const fsMocked = require("fs")
    const fs = fsMocked.use(vol) // tell the mocked fs (via Jest) to use vol as its file system.
    //...
}

fsMocked imports the module fs (which we previously told Jest to mock). Then, because it is mocked with unionfs, we tell unionfs to “use” our fake volume, vol. The result is a file system that includes a file foo in the root with the contents bar. This is why the assertion succeeds when we’ve read the file in the act section:

test("calling fs returns a mocked call", async () => {
    //...
    //act
    const val = fs.readFileSync("/foo", { encoding: "utf8" })
    // assert
    expect(val).toBe("bar")
}

Interestingly, unlike mock-fs (if I understand that API correctly), with unionfs, this setup means that I have access to the real file system as well.

While it seems reasonable that in tests we should operate with as few assumptions as possible (including which files can be found on the local disk as they can change from machine to machine), with this setup I actually can test accessing local files that really do exist.

To demonstrate this point, I added an additional assertion to my test:4

test("calling fs returns a mocked call", async () => {
    //...
    const os = require("os")
    const HOME = os.homedir()
    fs.promises
        .readdir(HOME)
        .then((files: any) => files.find((file: any) => file === ".zshrc"))
        .then((file: any) =>
            fs.promises
                .access(`${HOME}/${file}`)
                .then(() => true)
                .catch(() => false)
        )
        .then((res: boolean) => expect(res).toBe(true))
}

This test passes on my machine precisely because I do in fact have a .zshrc in my home directory.

Conclusion

I haven’t yet decided whether or not you would ever want to actually take advantage of the fact that a mock set up with this factory pattern has access to the literal file system as well as the fake volume setup by memfs, however, seeing it in action really clarified how the mock is behaving in my mind, so I wanted to demonstrate it for future reference.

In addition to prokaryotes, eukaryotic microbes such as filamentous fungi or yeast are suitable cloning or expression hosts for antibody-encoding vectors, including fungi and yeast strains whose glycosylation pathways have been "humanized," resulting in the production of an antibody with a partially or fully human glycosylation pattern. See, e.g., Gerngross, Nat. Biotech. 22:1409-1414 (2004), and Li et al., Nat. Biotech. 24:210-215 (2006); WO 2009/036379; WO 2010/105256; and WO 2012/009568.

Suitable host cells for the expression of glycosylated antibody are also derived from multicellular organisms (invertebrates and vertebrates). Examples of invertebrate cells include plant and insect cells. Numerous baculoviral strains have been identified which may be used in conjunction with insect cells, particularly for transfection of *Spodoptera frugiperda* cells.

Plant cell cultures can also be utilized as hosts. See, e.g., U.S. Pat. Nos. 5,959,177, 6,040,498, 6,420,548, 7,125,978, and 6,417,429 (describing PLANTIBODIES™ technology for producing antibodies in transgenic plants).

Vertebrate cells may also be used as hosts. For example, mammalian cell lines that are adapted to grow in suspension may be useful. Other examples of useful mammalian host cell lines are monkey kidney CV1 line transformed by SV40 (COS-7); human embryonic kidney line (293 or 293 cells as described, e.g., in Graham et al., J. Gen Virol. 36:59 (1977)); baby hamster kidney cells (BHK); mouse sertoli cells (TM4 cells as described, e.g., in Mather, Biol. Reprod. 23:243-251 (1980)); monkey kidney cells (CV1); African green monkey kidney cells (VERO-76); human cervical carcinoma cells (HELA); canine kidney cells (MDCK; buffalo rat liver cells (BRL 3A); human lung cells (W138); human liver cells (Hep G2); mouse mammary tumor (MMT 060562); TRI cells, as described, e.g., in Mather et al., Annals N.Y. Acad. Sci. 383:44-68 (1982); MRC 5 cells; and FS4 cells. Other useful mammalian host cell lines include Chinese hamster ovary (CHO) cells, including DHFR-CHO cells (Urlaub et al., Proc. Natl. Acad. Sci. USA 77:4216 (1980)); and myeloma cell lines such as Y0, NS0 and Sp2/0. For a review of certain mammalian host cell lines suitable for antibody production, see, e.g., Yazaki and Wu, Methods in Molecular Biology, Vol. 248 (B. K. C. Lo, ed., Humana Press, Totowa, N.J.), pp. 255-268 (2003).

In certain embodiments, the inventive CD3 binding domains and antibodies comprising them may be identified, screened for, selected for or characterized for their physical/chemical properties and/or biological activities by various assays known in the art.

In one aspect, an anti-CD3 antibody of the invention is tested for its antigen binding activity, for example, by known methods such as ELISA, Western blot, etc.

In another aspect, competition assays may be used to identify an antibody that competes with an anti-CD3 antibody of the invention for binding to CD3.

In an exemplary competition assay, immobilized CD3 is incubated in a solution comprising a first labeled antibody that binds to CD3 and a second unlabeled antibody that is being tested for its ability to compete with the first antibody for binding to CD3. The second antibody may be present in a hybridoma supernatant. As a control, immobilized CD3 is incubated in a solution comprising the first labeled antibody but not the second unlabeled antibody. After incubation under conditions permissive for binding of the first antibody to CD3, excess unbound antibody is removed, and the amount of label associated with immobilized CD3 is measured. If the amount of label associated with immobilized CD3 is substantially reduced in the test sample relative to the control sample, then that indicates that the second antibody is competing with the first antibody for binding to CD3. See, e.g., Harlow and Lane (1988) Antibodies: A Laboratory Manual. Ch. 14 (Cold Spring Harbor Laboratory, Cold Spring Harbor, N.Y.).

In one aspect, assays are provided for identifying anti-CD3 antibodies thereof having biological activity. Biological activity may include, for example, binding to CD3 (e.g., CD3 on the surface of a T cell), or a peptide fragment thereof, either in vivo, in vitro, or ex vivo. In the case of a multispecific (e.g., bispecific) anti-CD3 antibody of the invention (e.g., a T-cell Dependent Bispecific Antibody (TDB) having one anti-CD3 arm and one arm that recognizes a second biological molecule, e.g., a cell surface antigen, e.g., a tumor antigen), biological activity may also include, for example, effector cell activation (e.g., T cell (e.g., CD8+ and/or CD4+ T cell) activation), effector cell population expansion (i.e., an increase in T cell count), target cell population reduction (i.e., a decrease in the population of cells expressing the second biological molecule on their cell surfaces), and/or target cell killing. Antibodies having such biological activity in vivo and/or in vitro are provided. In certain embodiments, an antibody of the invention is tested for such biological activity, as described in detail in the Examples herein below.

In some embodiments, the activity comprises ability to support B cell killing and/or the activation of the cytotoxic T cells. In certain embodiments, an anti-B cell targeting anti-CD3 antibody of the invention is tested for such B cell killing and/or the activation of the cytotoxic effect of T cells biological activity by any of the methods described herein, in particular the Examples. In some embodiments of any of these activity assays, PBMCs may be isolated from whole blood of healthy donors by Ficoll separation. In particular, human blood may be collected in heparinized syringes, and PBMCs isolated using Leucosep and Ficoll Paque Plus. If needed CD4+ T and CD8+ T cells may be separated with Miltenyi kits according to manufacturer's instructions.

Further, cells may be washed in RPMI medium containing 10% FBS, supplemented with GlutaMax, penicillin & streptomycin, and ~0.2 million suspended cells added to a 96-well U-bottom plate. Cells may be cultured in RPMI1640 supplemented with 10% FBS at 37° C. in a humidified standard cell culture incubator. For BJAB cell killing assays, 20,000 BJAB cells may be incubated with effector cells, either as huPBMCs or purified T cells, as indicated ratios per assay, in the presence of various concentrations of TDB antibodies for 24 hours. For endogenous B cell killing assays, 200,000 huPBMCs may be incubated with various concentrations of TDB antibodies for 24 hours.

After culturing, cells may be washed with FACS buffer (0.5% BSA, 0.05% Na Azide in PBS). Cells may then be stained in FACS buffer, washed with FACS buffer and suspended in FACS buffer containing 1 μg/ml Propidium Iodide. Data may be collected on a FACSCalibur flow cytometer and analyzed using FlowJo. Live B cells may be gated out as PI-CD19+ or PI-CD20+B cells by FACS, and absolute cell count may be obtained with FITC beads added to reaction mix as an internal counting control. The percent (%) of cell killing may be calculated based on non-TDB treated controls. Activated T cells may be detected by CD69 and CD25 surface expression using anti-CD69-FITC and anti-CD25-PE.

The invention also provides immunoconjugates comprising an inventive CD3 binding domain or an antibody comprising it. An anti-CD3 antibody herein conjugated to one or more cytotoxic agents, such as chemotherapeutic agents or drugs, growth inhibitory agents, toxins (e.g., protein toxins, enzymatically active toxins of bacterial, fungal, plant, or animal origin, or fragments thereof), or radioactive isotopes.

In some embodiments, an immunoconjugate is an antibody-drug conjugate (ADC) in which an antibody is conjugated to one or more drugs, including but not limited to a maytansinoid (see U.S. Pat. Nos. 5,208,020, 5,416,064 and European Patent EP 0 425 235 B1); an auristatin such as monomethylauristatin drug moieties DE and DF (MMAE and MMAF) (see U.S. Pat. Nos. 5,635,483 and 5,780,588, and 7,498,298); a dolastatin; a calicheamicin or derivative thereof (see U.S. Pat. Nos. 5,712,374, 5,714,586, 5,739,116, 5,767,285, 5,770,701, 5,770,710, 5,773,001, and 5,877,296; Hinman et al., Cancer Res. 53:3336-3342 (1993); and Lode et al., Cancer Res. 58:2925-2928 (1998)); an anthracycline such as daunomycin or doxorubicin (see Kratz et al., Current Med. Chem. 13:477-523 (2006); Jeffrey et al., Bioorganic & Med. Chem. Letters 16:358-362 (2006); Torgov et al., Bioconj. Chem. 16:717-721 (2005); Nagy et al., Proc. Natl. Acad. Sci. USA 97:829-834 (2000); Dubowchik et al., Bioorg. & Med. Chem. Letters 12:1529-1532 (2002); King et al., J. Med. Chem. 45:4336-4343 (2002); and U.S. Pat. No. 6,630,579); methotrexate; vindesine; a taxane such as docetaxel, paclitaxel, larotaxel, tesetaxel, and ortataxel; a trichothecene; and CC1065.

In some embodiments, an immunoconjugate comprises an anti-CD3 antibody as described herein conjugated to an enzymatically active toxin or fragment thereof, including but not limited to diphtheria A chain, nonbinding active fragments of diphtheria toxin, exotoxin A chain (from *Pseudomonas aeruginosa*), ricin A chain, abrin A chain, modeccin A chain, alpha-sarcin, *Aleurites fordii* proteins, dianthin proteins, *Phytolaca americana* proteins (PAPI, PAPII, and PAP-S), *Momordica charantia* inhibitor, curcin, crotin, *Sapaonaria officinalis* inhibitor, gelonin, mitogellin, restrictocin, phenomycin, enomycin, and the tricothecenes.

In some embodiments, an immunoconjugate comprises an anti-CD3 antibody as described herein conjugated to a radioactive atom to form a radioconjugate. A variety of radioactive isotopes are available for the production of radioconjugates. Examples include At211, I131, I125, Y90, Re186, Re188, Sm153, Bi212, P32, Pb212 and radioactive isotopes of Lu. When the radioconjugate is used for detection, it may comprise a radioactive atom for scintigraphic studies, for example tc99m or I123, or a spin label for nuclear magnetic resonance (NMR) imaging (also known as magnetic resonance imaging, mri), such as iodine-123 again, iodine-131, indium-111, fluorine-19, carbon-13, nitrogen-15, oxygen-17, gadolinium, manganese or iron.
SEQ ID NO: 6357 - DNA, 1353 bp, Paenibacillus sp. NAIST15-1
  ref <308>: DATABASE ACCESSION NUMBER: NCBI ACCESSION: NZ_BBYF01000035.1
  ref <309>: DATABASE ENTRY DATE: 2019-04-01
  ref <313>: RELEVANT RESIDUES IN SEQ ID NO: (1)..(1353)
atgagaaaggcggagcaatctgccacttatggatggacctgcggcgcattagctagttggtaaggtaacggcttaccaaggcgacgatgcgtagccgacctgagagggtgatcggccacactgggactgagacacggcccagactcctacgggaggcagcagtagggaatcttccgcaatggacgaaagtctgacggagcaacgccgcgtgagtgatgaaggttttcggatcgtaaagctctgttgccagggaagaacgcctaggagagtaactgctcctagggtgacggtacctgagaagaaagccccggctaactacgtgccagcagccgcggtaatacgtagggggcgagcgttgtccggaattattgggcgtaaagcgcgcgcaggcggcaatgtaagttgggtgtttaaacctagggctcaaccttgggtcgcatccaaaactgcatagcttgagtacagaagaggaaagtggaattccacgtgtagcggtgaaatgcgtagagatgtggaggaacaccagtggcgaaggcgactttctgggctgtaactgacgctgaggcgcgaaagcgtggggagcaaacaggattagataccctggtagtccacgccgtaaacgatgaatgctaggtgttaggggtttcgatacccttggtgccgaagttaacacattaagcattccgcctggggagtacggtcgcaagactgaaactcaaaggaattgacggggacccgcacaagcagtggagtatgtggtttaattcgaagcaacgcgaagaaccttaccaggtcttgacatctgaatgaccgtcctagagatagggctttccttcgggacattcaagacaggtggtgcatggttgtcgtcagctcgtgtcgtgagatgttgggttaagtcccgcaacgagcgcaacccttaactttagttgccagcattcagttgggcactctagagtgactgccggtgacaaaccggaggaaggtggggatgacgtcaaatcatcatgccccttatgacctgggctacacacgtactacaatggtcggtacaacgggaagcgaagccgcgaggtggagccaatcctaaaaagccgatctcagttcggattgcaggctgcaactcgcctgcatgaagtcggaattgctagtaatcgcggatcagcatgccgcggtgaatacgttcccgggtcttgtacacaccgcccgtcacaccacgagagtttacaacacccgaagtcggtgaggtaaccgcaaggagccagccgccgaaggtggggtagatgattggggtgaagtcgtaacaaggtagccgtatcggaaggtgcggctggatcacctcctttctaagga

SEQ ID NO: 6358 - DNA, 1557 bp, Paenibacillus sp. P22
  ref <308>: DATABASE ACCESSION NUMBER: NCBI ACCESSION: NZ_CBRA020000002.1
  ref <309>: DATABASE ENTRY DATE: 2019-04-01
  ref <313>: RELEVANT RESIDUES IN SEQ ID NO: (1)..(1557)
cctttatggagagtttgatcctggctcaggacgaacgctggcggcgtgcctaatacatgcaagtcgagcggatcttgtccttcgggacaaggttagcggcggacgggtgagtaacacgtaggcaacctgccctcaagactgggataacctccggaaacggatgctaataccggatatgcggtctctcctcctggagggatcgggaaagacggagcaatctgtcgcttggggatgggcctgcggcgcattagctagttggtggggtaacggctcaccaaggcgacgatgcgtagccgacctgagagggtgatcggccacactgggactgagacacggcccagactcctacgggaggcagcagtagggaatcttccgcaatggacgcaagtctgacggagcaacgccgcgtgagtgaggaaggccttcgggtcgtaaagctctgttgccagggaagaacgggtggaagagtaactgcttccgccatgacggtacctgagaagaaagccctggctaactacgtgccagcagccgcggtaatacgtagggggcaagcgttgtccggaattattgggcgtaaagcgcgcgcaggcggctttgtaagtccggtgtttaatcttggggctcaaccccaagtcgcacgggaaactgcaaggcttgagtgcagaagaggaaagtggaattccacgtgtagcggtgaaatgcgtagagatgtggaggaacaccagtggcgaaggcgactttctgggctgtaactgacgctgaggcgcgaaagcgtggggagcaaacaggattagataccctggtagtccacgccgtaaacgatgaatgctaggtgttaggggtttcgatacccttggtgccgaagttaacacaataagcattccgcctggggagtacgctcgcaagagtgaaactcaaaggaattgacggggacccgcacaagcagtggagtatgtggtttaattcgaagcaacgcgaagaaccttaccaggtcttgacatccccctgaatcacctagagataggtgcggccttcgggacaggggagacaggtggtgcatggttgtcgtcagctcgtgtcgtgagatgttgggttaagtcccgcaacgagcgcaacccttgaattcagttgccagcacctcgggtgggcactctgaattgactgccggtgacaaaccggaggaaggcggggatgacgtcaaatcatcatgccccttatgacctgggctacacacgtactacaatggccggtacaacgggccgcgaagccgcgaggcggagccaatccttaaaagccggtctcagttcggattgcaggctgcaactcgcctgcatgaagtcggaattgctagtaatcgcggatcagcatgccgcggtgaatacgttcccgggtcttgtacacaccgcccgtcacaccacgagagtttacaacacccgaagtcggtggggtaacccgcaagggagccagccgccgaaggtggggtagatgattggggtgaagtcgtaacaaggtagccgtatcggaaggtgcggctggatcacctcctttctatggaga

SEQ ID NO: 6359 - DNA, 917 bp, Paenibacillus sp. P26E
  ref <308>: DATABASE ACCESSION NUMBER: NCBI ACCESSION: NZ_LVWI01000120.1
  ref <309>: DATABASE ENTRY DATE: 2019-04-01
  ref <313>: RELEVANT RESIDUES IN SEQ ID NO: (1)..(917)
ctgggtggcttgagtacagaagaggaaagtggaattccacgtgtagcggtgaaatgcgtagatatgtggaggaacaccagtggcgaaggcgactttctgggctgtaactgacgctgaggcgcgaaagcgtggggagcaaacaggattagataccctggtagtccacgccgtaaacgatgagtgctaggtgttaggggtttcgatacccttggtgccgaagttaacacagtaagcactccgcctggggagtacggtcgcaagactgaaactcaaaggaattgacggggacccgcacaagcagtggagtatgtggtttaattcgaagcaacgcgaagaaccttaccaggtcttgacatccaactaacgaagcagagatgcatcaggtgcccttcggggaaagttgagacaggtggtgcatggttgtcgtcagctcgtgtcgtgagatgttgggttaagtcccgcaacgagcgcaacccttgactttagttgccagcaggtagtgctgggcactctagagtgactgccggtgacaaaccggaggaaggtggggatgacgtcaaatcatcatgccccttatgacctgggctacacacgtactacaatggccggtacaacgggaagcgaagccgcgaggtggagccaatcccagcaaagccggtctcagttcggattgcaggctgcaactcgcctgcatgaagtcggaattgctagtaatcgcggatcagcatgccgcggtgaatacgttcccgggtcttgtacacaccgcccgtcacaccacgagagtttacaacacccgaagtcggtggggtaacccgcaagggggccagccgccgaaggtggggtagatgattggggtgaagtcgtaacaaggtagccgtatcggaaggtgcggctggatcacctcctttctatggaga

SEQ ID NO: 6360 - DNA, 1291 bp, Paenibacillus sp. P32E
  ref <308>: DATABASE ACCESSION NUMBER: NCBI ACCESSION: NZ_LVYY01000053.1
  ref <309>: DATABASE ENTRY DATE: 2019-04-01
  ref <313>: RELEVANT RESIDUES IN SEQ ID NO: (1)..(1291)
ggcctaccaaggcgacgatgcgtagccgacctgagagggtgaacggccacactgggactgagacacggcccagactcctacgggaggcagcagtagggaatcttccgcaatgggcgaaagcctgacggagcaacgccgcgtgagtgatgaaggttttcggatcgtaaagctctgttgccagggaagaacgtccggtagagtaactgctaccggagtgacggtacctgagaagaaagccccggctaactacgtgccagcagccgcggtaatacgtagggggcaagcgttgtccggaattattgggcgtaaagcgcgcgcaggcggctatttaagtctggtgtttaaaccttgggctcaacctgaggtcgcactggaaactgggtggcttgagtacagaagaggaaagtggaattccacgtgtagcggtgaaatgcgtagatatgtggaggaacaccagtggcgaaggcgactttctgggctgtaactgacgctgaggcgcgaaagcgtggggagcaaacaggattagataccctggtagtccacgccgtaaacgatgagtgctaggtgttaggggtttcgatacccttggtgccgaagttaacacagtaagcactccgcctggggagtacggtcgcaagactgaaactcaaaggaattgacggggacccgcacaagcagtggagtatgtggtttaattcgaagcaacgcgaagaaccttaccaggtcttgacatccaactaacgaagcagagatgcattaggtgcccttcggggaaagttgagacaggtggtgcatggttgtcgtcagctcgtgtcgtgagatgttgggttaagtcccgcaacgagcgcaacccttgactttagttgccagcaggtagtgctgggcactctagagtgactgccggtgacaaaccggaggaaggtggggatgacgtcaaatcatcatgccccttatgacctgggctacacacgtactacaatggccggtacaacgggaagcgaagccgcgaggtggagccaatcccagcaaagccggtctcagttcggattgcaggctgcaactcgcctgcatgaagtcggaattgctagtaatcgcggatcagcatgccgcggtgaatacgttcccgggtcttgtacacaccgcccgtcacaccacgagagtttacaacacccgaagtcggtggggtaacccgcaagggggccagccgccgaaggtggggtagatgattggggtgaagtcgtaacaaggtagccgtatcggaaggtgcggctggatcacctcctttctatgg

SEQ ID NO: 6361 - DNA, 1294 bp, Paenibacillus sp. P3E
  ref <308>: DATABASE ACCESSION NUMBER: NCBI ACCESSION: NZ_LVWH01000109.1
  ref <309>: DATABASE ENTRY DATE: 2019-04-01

Stepping back from the specifics of this test, my experiences with nom, the issues I’ve had managing the code as its grown, including the horror of creating bugs even while addressing others are wonderful motivation to learning more about testing. Here’s to writing code that you can trust!

Footnotes

  • 1 nom is a CLI I’ve been working on for the past few months. I wrote an update on my progress recently, which can be found here.
  • 2 While I’ve not used any of Vadim’s file-system libraries before, his react-use collection of custom hooks is one of the toolboxes I reach for whenever I start a new React project.
  • 3 I say simple now, however, it took me the better part of an hour to understand what was happening here.
  • 4 I could have maintained the arrange, act, assert framework more cleanly had I converted this into async/await. Alas, I stuck with promise chains, which muddied the waters.

Hi there and thanks for reading! My name's Stephen. I live in Chicago with my wife, Kate, and dog, Finn. Want more? See about and get in touch!